White Men Are Black Men Too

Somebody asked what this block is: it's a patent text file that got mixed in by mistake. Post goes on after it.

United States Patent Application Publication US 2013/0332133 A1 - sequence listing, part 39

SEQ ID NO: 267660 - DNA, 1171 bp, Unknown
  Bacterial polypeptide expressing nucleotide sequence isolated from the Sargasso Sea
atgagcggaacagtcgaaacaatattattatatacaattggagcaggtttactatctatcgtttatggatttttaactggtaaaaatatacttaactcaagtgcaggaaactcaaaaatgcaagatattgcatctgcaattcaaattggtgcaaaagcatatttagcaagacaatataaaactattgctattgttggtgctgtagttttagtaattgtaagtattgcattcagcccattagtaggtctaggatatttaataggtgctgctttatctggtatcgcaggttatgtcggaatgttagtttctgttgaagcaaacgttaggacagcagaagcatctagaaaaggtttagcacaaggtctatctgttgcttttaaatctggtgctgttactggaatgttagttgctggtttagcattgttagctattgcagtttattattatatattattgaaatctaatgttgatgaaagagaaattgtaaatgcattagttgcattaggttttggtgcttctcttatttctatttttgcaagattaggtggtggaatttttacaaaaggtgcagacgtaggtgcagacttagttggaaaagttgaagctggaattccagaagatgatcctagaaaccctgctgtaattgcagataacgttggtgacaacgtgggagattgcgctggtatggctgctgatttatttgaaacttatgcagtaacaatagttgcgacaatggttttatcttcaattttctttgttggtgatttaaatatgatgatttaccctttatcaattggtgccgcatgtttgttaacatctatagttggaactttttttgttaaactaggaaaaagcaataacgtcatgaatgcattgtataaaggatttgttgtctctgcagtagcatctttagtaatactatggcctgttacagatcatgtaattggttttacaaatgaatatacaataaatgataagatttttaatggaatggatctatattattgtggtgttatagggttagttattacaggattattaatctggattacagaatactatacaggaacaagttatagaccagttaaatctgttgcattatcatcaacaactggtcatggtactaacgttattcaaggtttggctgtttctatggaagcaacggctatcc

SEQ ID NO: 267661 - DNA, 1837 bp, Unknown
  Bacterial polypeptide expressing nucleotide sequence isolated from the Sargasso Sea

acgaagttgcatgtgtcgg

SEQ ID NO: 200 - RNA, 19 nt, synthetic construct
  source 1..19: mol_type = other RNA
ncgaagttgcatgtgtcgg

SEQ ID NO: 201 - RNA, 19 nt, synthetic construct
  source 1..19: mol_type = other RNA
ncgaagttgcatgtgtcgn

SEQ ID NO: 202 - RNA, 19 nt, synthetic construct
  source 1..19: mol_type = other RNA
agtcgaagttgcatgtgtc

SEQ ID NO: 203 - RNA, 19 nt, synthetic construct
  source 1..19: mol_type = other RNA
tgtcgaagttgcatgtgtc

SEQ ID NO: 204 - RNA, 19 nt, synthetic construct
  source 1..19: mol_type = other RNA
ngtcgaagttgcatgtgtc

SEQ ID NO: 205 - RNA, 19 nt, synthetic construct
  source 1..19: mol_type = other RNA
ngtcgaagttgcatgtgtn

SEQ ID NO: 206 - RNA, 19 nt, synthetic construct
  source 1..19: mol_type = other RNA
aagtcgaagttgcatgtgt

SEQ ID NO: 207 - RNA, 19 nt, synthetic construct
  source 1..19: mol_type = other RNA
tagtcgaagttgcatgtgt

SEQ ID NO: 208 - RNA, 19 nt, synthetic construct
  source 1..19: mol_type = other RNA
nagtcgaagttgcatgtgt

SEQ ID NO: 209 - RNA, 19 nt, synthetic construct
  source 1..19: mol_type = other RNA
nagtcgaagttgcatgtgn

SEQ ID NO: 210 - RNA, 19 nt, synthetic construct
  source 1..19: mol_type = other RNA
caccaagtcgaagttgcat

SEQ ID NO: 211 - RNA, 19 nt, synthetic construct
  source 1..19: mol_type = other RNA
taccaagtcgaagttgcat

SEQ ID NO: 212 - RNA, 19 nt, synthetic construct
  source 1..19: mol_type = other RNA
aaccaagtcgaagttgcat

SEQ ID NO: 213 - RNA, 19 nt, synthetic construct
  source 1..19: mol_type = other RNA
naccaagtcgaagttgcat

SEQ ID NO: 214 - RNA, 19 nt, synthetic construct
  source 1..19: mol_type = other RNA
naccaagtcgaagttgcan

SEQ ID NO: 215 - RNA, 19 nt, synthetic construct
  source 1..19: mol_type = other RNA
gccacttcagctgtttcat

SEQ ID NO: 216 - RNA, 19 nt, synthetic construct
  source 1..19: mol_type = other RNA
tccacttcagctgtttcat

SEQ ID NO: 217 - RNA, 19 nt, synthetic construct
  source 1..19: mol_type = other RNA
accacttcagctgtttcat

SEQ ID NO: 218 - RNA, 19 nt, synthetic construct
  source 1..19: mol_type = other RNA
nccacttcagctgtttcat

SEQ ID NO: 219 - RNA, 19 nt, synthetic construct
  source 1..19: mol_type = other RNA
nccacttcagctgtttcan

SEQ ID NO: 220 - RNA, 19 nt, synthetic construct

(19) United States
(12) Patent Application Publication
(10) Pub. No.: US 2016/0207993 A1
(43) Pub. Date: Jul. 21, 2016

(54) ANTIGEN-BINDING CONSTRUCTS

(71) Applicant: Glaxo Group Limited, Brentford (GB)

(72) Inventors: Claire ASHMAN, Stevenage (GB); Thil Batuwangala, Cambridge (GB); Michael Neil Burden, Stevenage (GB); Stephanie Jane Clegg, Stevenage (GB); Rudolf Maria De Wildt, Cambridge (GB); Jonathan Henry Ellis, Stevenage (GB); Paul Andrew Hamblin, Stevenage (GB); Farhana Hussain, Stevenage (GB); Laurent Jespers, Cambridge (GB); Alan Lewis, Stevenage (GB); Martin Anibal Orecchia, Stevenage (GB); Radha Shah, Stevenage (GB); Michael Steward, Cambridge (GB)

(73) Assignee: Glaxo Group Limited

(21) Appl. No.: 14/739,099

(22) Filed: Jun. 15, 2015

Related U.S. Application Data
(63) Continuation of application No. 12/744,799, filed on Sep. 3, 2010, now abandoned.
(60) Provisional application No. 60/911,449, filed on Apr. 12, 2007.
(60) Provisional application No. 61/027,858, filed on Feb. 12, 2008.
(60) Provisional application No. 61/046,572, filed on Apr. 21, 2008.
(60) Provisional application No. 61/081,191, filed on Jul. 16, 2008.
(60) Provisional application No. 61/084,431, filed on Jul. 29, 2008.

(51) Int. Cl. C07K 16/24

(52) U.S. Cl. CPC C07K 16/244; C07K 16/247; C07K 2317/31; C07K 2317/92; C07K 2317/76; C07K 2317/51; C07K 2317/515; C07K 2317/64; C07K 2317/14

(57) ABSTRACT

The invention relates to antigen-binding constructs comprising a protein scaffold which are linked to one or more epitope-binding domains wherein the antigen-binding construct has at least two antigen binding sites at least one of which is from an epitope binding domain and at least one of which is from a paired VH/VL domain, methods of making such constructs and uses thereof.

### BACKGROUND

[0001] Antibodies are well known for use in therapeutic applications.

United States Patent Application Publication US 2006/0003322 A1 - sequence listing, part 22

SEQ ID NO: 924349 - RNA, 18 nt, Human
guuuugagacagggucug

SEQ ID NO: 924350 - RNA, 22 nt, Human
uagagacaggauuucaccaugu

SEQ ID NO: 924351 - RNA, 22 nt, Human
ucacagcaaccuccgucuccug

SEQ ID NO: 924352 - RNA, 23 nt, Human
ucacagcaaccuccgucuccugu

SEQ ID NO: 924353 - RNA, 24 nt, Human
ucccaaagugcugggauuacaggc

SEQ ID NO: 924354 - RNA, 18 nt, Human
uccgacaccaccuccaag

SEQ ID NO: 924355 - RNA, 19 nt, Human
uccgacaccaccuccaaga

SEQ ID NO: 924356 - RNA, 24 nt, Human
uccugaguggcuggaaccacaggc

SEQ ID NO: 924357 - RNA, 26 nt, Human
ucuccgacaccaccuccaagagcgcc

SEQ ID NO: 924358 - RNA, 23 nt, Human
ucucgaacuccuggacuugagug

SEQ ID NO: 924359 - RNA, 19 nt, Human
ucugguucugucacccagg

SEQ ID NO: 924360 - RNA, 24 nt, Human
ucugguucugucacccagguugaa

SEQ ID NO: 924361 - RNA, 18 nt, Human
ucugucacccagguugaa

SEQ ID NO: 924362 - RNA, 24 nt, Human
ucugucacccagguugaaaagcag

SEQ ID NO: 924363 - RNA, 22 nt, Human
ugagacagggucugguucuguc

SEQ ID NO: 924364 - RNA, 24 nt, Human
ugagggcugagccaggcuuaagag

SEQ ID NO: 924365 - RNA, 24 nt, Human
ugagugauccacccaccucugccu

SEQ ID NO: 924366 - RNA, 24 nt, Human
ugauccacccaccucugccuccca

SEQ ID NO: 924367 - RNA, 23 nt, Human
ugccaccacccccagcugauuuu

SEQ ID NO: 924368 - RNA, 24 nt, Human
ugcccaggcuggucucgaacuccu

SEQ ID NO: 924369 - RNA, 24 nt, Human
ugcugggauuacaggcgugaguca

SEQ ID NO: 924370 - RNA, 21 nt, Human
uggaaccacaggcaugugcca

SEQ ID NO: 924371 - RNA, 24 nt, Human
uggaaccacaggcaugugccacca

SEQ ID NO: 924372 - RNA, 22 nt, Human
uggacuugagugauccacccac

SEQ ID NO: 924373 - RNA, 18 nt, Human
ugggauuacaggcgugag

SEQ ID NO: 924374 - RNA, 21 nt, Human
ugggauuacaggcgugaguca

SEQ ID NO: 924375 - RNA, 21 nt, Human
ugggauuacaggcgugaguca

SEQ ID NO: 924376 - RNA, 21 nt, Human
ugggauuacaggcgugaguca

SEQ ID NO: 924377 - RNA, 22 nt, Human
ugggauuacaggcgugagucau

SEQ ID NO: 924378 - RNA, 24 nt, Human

Let's get that title out of the way first: White Men Are Black Men Too. And then the sticker on the vinyl and CD: 'file under Rock and Pop'. You probably want to know what that's doing there, right? Where does a group like Young Fathers, who pick n' mix from the popular music sweet shop and fly no flags and swear allegiance to no country' ((C) - 100 interviews with the group in 2014) - where do they go? They have to go to the place where Beck makes a sandwich with The Beach Boys and Captain Beefheart, where Faust and The Fall tango. For the purposes of this mission, this album, this White Men Are Black Men Too, is rock and pop. And hip hop, too. (Whoops, slipped out). This sticker is only for the business. The listeners can decide for themselves. The sounds are closer on this album, closer to your ears. These hooks, they stay with you. There are less words than before. 2014 was an interesting year for the group. Yep, awards etc and they played around 130 shows, from Paris to Sydney, via both Portlands and Paisley, too. The album found itself being recorded in a hotel room in Illinois, a rehearsal room in Melbourne, a freezing cellar in Berlin, a photographic studio in London and their normal hole in the ground basement in Edinburgh. These are grown men, battle fit and in their prime. There are no celebrations of dole queue theatre, no fake politics - there's no need. Synaesthetically, it's a hue of a reddy blue with a touch of yellow, like most things. Which is, of course, the colour of the future.